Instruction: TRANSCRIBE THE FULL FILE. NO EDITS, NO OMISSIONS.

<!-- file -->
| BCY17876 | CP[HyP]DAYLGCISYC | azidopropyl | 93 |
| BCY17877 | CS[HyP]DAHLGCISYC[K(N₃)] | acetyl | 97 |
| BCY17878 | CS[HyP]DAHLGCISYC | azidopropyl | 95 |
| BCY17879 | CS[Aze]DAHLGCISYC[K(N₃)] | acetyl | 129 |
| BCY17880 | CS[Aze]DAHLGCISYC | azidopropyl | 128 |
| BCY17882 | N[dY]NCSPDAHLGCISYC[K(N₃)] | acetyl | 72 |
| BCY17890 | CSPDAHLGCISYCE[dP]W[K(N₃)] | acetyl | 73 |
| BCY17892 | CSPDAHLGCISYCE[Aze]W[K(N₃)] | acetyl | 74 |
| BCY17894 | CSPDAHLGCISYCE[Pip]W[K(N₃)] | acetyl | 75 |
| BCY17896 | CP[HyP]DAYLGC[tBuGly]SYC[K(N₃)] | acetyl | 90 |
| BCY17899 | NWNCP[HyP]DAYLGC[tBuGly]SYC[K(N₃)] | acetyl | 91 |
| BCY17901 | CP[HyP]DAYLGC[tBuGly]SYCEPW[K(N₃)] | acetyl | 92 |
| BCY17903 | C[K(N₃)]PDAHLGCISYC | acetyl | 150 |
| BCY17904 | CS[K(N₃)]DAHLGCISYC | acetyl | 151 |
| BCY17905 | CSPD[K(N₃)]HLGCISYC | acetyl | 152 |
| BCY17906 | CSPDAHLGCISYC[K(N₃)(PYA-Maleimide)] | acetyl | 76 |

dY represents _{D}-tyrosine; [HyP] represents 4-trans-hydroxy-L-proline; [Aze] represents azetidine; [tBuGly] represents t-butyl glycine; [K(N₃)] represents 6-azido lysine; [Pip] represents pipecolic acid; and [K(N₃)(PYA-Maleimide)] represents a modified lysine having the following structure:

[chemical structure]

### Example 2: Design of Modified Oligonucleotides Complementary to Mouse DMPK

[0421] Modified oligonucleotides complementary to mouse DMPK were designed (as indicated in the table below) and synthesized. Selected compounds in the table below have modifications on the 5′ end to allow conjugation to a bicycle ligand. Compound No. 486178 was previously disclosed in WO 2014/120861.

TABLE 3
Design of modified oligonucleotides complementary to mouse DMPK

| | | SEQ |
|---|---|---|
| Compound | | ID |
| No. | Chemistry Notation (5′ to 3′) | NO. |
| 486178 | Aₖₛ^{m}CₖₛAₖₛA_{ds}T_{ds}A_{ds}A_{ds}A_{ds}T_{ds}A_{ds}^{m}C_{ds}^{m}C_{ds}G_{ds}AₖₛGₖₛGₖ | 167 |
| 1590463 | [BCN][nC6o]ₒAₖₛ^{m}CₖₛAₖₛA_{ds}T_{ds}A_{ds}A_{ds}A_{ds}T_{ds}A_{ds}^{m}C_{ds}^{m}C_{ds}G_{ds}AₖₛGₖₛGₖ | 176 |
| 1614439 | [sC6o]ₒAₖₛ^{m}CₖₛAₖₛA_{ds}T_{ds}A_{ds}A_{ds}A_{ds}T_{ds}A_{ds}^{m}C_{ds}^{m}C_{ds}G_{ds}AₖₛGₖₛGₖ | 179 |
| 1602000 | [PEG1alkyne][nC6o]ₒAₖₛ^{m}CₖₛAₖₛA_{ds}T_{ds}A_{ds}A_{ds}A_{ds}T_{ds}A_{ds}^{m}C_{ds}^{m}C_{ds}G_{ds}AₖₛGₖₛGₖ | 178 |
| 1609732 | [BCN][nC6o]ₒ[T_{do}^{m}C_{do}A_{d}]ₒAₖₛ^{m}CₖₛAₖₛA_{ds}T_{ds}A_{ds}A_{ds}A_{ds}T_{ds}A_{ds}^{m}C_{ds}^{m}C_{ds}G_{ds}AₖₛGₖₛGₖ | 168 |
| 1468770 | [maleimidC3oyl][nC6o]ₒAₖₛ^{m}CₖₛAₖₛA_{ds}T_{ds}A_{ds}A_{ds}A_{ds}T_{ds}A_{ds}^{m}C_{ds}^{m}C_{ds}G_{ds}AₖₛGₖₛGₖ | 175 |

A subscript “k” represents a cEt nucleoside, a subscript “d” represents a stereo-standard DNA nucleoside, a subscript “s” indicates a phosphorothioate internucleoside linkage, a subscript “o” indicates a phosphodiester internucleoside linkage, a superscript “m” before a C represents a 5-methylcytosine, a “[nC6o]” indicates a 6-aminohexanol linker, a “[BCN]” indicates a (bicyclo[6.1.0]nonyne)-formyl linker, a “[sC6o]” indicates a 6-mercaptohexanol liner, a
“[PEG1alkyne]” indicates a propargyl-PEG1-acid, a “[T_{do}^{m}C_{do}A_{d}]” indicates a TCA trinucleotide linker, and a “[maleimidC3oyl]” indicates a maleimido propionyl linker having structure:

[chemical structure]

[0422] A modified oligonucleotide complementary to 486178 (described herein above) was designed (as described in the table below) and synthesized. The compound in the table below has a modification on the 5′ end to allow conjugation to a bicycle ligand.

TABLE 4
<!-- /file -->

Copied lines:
| BCY17876 | CP[HyP]DAYLGCISYC | azidopropyl | 93 |
| BCY17877 | CS[HyP]DAHLGCISYC[K(N₃)] | acetyl | 97 |
| BCY17878 | CS[HyP]DAHLGCISYC | azidopropyl | 95 |
| BCY17879 | CS[Aze]DAHLGCISYC[K(N₃)] | acetyl | 129 |
| BCY17880 | CS[Aze]DAHLGCISYC | azidopropyl | 128 |
| BCY17882 | N[dY]NCSPDAHLGCISYC[K(N₃)] | acetyl | 72 |
| BCY17890 | CSPDAHLGCISYCE[dP]W[K(N₃)] | acetyl | 73 |
| BCY17892 | CSPDAHLGCISYCE[Aze]W[K(N₃)] | acetyl | 74 |
| BCY17894 | CSPDAHLGCISYCE[Pip]W[K(N₃)] | acetyl | 75 |
| BCY17896 | CP[HyP]DAYLGC[tBuGly]SYC[K(N₃)] | acetyl | 90 |
| BCY17899 | NWNCP[HyP]DAYLGC[tBuGly]SYC[K(N₃)] | acetyl | 91 |
| BCY17901 | CP[HyP]DAYLGC[tBuGly]SYCEPW[K(N₃)] | acetyl | 92 |
| BCY17903 | C[K(N₃)]PDAHLGCISYC | acetyl | 150 |
| BCY17904 | CS[K(N₃)]DAHLGCISYC | acetyl | 151 |
| BCY17905 | CSPD[K(N₃)]HLGCISYC | acetyl | 152 |
| BCY17906 | CSPDAHLGCISYC[K(N₃)(PYA-Maleimide)] | acetyl | 76 |

dY represents _{D}-tyrosine; [HyP] represents 4-trans-hydroxy-L-proline; [Aze] represents azetidine; [tBuGly] represents t-butyl glycine; [K(N₃)] represents 6-azido lysine; [Pip] represents pipecolic acid; and [K(N₃)(PYA-Maleimide)] represents a modified lysine having the following structure:

[chemical structure]

### Example 2: Design of Modified Oligonucleotides Complementary to Mouse DMPK

[0421] Modified oligonucleotides complementary to mouse DMPK were designed (as indicated in the table below) and synthesized. Selected compounds in the table below have modifications on the 5′ end to allow conjugation to a bicycle ligand. Compound No. 486178 was previously disclosed in WO 2014/120861.

TABLE 3
Design of modified oligonucleotides complementary to mouse DMPK

| | | SEQ |
|---|---|---|
| Compound | | ID |
| No. | Chemistry Notation (5′ to 3′) | NO. |
| 486178 | Aₖₛ^{m}CₖₛAₖₛA_{ds}T_{ds}A_{ds}A_{ds}A_{ds}T_{ds}A_{ds}^{m}C_{ds}^{m}C_{ds}G_{ds}AₖₛGₖₛGₖ | 167 |
| 1590463 | [BCN][nC6o]ₒAₖₛ^{m}CₖₛAₖₛA_{ds}T_{ds}A_{ds}A_{ds}A_{ds}T_{ds}A_{ds}^{m}C_{ds}^{m}C_{ds}G_{ds}AₖₛGₖₛGₖ | 176 |
| 1614439 | [sC6o]ₒAₖₛ^{m}CₖₛAₖₛA_{ds}T_{ds}A_{ds}A_{ds}A_{ds}T_{ds}A_{ds}^{m}C_{ds}^{m}C_{ds}G_{ds}AₖₛGₖₛGₖ | 179 |
| 1602000 | [PEG1alkyne][nC6o]ₒAₖₛ^{m}CₖₛAₖₛA_{ds}T_{ds}A_{ds}A_{ds}A_{ds}T_{ds}A_{ds}^{m}C_{ds}^{m}C_{ds}G_{ds}AₖₛGₖₛGₖ | 178 |
| 1609732 | [BCN][nC6o]ₒ[T_{do}^{m}C_{do}A_{d}]ₒAₖₛ^{m}CₖₛAₖₛA_{ds}T_{ds}A_{ds}A_{ds}A_{ds}T_{ds}A_{ds}^{m}C_{ds}^{m}C_{ds}G_{ds}AₖₛGₖₛGₖ | 168 |
| 1468770 | [maleimidC3oyl][nC6o]ₒAₖₛ^{m}CₖₛAₖₛA_{ds}T_{ds}A_{ds}A_{ds}A_{ds}T_{ds}A_{ds}^{m}C_{ds}^{m}C_{ds}G_{ds}AₖₛGₖₛGₖ | 175 |

A subscript “k” represents a cEt nucleoside, a subscript “d” represents a stereo-standard DNA nucleoside, a subscript “s” indicates a phosphorothioate internucleoside linkage, a subscript “o” indicates a phosphodiester internucleoside linkage, a superscript “m” before a C represents a 5-methylcytosine, a “[nC6o]” indicates a 6-aminohexanol linker, a “[BCN]” indicates a (bicyclo[6.1.0]nonyne)-formyl linker, a “[sC6o]” indicates a 6-mercaptohexanol liner, a
“[PEG1alkyne]” indicates a propargyl-PEG1-acid, a “[T_{do}^{m}C_{do}A_{d}]” indicates a TCA trinucleotide linker, and a “[maleimidC3oyl]” indicates a maleimido propionyl linker having structure:

[chemical structure]

[0422] A modified oligonucleotide complementary to 486178 (described herein above) was designed (as described in the table below) and synthesized. The compound in the table below has a modification on the 5′ end to allow conjugation to a bicycle ligand.

TABLE 4